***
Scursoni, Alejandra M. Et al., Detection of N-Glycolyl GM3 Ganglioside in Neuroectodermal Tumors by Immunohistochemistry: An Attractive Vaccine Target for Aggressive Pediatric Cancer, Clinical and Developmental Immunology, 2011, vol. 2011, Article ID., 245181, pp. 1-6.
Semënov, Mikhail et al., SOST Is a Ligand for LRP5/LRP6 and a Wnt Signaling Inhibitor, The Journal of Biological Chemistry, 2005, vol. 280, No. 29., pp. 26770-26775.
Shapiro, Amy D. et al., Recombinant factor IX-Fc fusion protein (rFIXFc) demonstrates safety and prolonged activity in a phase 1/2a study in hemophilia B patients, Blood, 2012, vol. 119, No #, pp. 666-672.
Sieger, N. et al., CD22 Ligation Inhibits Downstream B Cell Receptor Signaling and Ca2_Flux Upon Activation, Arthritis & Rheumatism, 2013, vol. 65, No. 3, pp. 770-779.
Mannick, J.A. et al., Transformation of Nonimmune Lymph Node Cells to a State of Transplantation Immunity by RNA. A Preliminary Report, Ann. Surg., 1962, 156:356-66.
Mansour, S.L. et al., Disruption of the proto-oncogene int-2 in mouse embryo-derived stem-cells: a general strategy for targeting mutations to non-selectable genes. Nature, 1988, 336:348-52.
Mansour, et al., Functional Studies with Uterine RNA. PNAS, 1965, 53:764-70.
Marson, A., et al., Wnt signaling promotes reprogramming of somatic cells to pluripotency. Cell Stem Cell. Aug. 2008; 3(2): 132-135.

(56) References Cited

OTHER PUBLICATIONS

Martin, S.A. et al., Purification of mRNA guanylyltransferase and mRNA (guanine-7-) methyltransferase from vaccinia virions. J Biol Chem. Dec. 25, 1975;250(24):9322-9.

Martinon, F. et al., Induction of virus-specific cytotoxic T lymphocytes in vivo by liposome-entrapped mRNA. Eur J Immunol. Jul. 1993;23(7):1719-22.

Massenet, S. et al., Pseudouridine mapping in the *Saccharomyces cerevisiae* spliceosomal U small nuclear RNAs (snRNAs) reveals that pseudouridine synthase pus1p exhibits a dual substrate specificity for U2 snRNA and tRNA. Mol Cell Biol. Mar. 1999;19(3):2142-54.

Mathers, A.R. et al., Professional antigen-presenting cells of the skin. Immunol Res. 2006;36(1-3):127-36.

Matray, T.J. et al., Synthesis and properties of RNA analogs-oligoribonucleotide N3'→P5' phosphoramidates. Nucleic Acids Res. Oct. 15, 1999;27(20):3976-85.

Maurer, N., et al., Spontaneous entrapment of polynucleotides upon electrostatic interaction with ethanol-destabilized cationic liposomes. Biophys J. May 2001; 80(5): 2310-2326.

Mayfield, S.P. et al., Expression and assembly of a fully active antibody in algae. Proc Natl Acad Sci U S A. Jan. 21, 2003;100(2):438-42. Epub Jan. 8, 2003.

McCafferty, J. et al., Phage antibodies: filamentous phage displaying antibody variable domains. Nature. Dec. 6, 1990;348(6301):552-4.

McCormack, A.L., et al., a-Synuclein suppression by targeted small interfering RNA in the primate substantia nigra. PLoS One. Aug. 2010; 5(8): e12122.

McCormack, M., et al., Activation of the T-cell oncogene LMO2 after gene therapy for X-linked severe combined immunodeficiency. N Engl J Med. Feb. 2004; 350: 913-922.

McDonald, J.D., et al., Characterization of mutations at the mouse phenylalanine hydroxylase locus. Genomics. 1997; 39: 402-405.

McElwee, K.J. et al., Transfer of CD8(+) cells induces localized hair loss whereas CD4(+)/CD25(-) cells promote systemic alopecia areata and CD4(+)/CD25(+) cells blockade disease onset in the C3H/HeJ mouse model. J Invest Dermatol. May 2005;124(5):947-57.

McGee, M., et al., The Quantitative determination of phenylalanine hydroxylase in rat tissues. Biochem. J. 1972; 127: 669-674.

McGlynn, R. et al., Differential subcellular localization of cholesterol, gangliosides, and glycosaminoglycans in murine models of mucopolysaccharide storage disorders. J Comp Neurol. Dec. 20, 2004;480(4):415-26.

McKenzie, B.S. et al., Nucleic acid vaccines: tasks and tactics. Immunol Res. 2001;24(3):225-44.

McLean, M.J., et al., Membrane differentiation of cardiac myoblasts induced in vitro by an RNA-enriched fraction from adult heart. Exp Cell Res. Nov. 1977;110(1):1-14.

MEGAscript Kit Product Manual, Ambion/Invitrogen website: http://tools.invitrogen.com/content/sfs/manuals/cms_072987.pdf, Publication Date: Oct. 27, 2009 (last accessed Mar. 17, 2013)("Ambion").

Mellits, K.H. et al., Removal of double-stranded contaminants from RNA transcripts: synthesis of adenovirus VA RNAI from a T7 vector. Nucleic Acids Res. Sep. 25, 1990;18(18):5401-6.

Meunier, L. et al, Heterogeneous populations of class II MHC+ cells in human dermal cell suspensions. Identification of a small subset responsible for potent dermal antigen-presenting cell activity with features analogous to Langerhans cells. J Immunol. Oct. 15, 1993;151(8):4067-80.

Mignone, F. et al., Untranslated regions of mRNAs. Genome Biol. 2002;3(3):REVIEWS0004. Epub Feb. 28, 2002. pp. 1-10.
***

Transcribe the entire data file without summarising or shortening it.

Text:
Scursoni, Alejandra M. Et al., Detection of N-Glycolyl GM3 Ganglioside in Neuroectodermal Tumors by Immunohistochemistry: An Attractive Vaccine Target for Aggressive Pediatric Cancer, Clinical and Developmental Immunology, 2011, vol. 2011, Article ID., 245181, pp. 1-6.
Semënov, Mikhail et al., SOST Is a Ligand for LRP5/LRP6 and a Wnt Signaling Inhibitor, The Journal of Biological Chemistry, 2005, vol. 280, No. 29., pp. 26770-26775.
Shapiro, Amy D. et al., Recombinant factor IX-Fc fusion protein (rFIXFc) demonstrates safety and prolonged activity in a phase 1/2a study in hemophilia B patients, Blood, 2012, vol. 119, No #, pp. 666-672.
Sieger, N. et al., CD22 Ligation Inhibits Downstream B Cell Receptor Signaling and Ca2_Flux Upon Activation, Arthritis & Rheumatism, 2013, vol. 65, No. 3, pp. 770-779.
Mannick, J.A. et al., Transformation of Nonimmune Lymph Node Cells to a State of Transplantation Immunity by RNA. A Preliminary Report, Ann. Surg., 1962, 156:356-66.
Mansour, S.L. et al., Disruption of the proto-oncogene int-2 in mouse embryo-derived stem-cells: a general strategy for targeting mutations to non-selectable genes. Nature, 1988, 336:348-52.
Mansour, et al., Functional Studies with Uterine RNA. PNAS, 1965, 53:764-70.
Marson, A., et al., Wnt signaling promotes reprogramming of somatic cells to pluripotency. Cell Stem Cell. Aug. 2008; 3(2): 132-135.

(56) References Cited

OTHER PUBLICATIONS

Martin, S.A. et al., Purification of mRNA guanylyltransferase and mRNA (guanine-7-) methyltransferase from vaccinia virions. J Biol Chem. Dec. 25, 1975;250(24):9322-9.

Martinon, F. et al., Induction of virus-specific cytotoxic T lymphocytes in vivo by liposome-entrapped mRNA. Eur J Immunol. Jul. 1993;23(7):1719-22.

Massenet, S. et al., Pseudouridine mapping in the *Saccharomyces cerevisiae* spliceosomal U small nuclear RNAs (snRNAs) reveals that pseudouridine synthase pus1p exhibits a dual substrate specificity for U2 snRNA and tRNA. Mol Cell Biol. Mar. 1999;19(3):2142-54.

Mathers, A.R. et al., Professional antigen-presenting cells of the skin. Immunol Res. 2006;36(1-3):127-36.

Matray, T.J. et al., Synthesis and properties of RNA analogs-oligoribonucleotide N3'→P5' phosphoramidates. Nucleic Acids Res. Oct. 15, 1999;27(20):3976-85.

Maurer, N., et al., Spontaneous entrapment of polynucleotides upon electrostatic interaction with ethanol-destabilized cationic liposomes. Biophys J. May 2001; 80(5): 2310-2326.

Mayfield, S.P. et al., Expression and assembly of a fully active antibody in algae. Proc Natl Acad Sci U S A. Jan. 21, 2003;100(2):438-42. Epub Jan. 8, 2003.

McCafferty, J. et al., Phage antibodies: filamentous phage displaying antibody variable domains. Nature. Dec. 6, 1990;348(6301):552-4.

McCormack, A.L., et al., a-Synuclein suppression by targeted small interfering RNA in the primate substantia nigra. PLoS One. Aug. 2010; 5(8): e12122.

McCormack, M., et al., Activation of the T-cell oncogene LMO2 after gene therapy for X-linked severe combined immunodeficiency. N Engl J Med. Feb. 2004; 350: 913-922.

McDonald, J.D., et al., Characterization of mutations at the mouse phenylalanine hydroxylase locus. Genomics. 1997; 39: 402-405.

McElwee, K.J. et al., Transfer of CD8(+) cells induces localized hair loss whereas CD4(+)/CD25(-) cells promote systemic alopecia areata and CD4(+)/CD25(+) cells blockade disease onset in the C3H/HeJ mouse model. J Invest Dermatol. May 2005;124(5):947-57.

McGee, M., et al., The Quantitative determination of phenylalanine hydroxylase in rat tissues. Biochem. J. 1972; 127: 669-674.

McGlynn, R. et al., Differential subcellular localization of cholesterol, gangliosides, and glycosaminoglycans in murine models of mucopolysaccharide storage disorders. J Comp Neurol. Dec. 20, 2004;480(4):415-26.

McKenzie, B.S. et al., Nucleic acid vaccines: tasks and tactics. Immunol Res. 2001;24(3):225-44.

McLean, M.J., et al., Membrane differentiation of cardiac myoblasts induced in vitro by an RNA-enriched fraction from adult heart. Exp Cell Res. Nov. 1977;110(1):1-14.

MEGAscript Kit Product Manual, Ambion/Invitrogen website: http://tools.invitrogen.com/content/sfs/manuals/cms_072987.pdf, Publication Date: Oct. 27, 2009 (last accessed Mar. 17, 2013)("Ambion").

Mellits, K.H. et al., Removal of double-stranded contaminants from RNA transcripts: synthesis of adenovirus VA RNAI from a T7 vector. Nucleic Acids Res. Sep. 25, 1990;18(18):5401-6.

Meunier, L. et al, Heterogeneous populations of class II MHC+ cells in human dermal cell suspensions. Identification of a small subset responsible for potent dermal antigen-presenting cell activity with features analogous to Langerhans cells. J Immunol. Oct. 15, 1993;151(8):4067-80.

Mignone, F. et al., Untranslated regions of mRNAs. Genome Biol. 2002;3(3):REVIEWS0004. Epub Feb. 28, 2002. pp. 1-10.